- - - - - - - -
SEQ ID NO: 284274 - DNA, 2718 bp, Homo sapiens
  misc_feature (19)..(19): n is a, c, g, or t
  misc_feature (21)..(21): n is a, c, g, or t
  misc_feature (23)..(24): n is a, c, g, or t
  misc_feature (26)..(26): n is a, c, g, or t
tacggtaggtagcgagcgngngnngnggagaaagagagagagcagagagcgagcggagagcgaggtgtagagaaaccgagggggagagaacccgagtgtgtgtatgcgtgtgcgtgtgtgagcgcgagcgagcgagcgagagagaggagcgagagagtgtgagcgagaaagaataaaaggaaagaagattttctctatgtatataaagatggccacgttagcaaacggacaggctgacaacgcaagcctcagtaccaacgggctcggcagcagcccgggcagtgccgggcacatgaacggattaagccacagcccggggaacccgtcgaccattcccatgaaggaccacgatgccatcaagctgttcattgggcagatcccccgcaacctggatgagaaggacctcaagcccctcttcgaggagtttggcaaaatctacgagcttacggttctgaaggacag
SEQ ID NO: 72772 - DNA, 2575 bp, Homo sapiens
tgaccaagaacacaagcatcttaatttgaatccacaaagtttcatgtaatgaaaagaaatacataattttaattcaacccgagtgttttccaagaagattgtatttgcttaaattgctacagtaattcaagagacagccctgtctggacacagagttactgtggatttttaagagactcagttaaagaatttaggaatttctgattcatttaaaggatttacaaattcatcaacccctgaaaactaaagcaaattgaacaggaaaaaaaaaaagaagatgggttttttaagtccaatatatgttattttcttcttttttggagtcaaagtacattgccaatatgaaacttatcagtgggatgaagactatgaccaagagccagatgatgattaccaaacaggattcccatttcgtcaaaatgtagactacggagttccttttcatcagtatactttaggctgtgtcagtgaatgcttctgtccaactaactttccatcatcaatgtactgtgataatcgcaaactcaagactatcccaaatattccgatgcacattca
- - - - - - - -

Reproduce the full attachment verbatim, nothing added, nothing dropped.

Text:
SEQ ID NO: 284274 - DNA, 2718 bp, Homo sapiens
  misc_feature (19)..(19): n is a, c, g, or t
  misc_feature (21)..(21): n is a, c, g, or t
  misc_feature (23)..(24): n is a, c, g, or t
  misc_feature (26)..(26): n is a, c, g, or t
tacggtaggtagcgagcgngngnngnggagaaagagagagagcagagagcgagcggagagcgaggtgtagagaaaccgagggggagagaacccgagtgtgtgtatgcgtgtgcgtgtgtgagcgcgagcgagcgagcgagagagaggagcgagagagtgtgagcgagaaagaataaaaggaaagaagattttctctatgtatataaagatggccacgttagcaaacggacaggctgacaacgcaagcctcagtaccaacgggctcggcagcagcccgggcagtgccgggcacatgaacggattaagccacagcccggggaacccgtcgaccattcccatgaaggaccacgatgccatcaagctgttcattgggcagatcccccgcaacctggatgagaaggacctcaagcccctcttcgaggagtttggcaaaatctacgagcttacggttctgaaggacag
SEQ ID NO: 72772 - DNA, 2575 bp, Homo sapiens
tgaccaagaacacaagcatcttaatttgaatccacaaagtttcatgtaatgaaaagaaatacataattttaattcaacccgagtgttttccaagaagattgtatttgcttaaattgctacagtaattcaagagacagccctgtctggacacagagttactgtggatttttaagagactcagttaaagaatttaggaatttctgattcatttaaaggatttacaaattcatcaacccctgaaaactaaagcaaattgaacaggaaaaaaaaaaagaagatgggttttttaagtccaatatatgttattttcttcttttttggagtcaaagtacattgccaatatgaaacttatcagtgggatgaagactatgaccaagagccagatgatgattaccaaacaggattcccatttcgtcaaaatgtagactacggagttccttttcatcagtatactttaggctgtgtcagtgaatgcttctgtccaactaactttccatcatcaatgtactgtgataatcgcaaactcaagactatcccaaatattccgatgcacattca